Small Batch: an Anthology of Bourbon Poetry

smallbatchEdited by Leigh Anne Hornfeldt and Teneice Durrant
Two of Cups Press ($12)

by Lauren Gordon

The poems in the anthology Small Batch approach an interesting motif: bourbon. The concept sounds simple, but the variety of poetry contained within gleans quality through craftsmanship. In the introduction, Carla Carlton explains how making bourbon in small batches is not unlike the creation of poetry: “The success or failure . . . depends on the artistry of the maker.” The makers, in this case, are varied; ranging from Affrilachian Poets, to Cave Canem Fellows, Laureates and even freelance food writers. Under the careful editing of Leigh Anne Hornfeldt and Teneice Durrant, Small Batch goes down smoothly.

Many of the poems in this collection use bourbon as the subject, while other poems offer only a brief nod. Dan Nowak’s poem “A Slight Retelling of Greek Mythology With Bourbon” pays homage to the myth of Echo and Narcissus in prosody: “but still whenever you show me the picture of your lips / on the mirror I think of drowning myself in quicksilver.” The poem has a liquidity that is unironic. Nowak’s pacing becomes frenetic near the end of the poem as the speaker’s desperation mounts:

I’ve one more night
in this city or at least that’s what I’ll say because it
makes you hold my hand tighter and we’ll drink bourbons
with our free hands and throw compliments across
the table that sticks to our skins and I’ll wish your
lips stuck on my body and I would echo every move

The very nature of a small batch of bourbon is that it is hand-crafted, hard to emulate and repeat. It is, in essence, ephemeral, much like the relationship Nowak captures.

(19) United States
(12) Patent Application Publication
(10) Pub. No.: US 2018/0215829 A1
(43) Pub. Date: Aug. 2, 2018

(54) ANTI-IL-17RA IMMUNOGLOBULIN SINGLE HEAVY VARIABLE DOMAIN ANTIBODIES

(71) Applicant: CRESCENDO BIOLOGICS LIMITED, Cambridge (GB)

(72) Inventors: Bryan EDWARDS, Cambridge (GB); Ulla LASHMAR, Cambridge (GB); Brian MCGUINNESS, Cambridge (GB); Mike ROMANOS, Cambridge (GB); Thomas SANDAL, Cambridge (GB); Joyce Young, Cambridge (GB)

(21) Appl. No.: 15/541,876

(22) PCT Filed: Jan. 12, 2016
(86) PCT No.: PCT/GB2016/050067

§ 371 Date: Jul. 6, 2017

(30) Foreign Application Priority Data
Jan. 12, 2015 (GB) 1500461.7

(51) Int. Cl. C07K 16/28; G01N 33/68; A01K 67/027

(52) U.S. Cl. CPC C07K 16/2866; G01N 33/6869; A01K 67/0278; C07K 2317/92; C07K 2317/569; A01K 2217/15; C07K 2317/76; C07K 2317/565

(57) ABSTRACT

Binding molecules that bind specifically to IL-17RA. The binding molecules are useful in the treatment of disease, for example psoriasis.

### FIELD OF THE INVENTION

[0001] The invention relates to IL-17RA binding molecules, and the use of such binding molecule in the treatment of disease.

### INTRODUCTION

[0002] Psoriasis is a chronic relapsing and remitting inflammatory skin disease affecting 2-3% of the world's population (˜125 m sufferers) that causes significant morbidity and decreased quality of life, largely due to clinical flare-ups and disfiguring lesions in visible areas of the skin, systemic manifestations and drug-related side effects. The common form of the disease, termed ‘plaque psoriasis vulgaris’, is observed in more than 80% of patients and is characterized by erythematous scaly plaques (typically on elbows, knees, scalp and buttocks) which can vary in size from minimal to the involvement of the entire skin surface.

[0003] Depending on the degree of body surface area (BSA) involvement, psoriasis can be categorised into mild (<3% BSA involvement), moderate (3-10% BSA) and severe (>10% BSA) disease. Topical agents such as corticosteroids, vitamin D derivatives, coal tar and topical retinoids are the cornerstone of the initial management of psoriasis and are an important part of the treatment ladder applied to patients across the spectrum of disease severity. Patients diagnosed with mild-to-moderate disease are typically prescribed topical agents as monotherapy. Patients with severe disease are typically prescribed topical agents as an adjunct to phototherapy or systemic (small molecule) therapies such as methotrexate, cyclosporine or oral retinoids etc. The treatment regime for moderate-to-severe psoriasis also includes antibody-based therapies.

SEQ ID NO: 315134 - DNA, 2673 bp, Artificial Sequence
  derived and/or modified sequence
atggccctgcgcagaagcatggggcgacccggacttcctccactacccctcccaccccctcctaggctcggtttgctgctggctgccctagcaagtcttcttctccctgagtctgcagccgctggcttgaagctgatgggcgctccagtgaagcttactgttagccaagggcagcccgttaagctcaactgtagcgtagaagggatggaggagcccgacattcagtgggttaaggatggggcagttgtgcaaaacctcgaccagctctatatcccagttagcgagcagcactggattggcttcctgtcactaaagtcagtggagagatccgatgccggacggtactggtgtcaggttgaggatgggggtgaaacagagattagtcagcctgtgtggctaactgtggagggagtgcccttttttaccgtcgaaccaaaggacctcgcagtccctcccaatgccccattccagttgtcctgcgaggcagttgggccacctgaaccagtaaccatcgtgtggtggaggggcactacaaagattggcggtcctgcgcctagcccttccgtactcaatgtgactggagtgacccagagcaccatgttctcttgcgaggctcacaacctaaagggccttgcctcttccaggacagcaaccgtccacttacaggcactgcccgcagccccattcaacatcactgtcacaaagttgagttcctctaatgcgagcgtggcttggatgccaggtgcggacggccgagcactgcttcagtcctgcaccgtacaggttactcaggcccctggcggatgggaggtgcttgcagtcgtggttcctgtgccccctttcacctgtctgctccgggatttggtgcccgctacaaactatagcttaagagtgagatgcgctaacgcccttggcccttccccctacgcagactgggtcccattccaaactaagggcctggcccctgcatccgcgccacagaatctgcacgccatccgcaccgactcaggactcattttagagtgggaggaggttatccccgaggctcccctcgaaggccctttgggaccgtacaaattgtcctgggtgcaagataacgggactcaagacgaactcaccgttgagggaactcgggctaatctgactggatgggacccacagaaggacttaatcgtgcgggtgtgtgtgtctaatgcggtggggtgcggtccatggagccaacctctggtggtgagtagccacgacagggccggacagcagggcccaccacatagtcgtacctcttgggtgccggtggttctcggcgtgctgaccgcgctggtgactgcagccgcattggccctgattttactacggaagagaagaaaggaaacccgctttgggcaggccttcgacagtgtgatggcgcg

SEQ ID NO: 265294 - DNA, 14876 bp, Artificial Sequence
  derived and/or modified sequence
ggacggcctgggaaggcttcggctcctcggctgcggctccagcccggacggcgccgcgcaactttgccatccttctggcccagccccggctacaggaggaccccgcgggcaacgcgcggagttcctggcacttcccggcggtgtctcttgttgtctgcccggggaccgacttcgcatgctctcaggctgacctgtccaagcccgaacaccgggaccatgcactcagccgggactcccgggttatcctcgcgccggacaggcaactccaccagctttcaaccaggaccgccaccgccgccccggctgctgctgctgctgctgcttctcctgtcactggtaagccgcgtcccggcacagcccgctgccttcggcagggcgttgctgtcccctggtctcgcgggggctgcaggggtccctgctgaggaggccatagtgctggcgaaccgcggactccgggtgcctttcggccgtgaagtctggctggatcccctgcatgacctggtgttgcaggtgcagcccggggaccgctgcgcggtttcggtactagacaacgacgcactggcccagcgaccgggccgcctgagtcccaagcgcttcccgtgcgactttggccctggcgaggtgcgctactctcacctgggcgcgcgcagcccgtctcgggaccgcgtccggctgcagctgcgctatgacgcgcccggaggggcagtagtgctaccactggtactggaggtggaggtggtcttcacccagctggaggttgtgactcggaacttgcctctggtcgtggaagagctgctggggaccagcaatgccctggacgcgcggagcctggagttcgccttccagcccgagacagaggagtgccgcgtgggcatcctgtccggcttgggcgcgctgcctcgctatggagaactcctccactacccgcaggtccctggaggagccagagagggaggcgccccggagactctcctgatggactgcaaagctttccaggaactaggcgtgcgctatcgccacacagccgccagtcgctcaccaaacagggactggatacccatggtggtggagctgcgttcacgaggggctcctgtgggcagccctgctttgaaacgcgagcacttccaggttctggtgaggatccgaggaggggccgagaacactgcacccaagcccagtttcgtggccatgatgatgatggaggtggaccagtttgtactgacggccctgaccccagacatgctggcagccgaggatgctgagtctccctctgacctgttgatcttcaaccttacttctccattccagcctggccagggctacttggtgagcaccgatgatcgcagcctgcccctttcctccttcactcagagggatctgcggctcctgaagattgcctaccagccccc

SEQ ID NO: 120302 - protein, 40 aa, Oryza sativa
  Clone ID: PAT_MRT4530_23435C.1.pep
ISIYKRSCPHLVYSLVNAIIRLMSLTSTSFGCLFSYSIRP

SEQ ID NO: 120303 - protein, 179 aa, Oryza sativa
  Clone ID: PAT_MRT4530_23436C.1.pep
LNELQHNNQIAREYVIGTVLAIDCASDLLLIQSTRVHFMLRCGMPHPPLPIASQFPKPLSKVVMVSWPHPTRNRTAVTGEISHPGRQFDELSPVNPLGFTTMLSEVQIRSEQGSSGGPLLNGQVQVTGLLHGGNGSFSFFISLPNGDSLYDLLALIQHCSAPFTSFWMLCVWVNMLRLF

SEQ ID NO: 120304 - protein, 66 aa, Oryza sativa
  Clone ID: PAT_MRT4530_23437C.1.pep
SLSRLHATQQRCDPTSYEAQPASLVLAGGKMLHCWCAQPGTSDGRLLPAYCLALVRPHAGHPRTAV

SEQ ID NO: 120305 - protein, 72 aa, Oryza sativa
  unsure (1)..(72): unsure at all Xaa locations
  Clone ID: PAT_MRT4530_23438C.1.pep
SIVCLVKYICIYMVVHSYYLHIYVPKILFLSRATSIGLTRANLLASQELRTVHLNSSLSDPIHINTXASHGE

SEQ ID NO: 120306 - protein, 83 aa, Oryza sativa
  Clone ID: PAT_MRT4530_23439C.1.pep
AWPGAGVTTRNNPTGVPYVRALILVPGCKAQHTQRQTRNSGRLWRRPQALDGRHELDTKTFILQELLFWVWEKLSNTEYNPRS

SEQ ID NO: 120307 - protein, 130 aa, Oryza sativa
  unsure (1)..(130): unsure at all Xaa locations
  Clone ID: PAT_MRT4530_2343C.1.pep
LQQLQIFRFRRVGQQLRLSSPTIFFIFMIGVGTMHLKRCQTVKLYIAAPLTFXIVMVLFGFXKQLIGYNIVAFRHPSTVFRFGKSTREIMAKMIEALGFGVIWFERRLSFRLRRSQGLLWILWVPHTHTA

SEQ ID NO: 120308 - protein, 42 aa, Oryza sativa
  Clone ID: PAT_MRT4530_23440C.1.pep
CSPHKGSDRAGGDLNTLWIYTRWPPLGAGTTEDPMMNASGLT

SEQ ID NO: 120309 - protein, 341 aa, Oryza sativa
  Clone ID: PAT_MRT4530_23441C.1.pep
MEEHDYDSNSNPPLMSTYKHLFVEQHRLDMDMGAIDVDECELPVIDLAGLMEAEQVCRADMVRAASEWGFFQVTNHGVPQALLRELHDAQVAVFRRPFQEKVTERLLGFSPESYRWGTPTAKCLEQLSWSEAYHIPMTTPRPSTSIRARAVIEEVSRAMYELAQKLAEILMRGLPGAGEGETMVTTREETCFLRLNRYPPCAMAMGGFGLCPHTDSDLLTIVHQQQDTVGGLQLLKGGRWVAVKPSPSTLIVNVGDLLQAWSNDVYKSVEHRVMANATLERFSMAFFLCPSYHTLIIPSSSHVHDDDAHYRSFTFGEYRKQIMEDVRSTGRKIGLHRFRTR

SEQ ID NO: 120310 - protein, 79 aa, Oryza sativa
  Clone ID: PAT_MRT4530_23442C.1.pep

Hornfeldt and Durrant have also selected a number of poems that are more formal in structure, and one of the stronger poems is the darkly humorous “The Housesitter’s Note” by Juliana Gray. Gray imagines a note that begins benignly with details of a wilting basil plant and ends with the house sitter’s hijacking of the home owner’s life, even up to their death: “I softly passed away in your bed. / It’s all right. It was my time to go. / And now, you’d never know that I was there / in your tidy house, your green and purring space, / except for a ghost of bourbon in the air / and, on your pillow, a single foreign strand.” Bourbon is not the engine that propels the poem forward, but it is a “ghost” that resonates.

The poems in Small Batch vary in form and function, but together they are a complex brew. There are dizzying poems, devotional poems, narrative poems—and they all seem to linger with a satisfying finish.

Rain Taxi Online Edition Spring 2014 | © Rain Taxi, Inc. 2014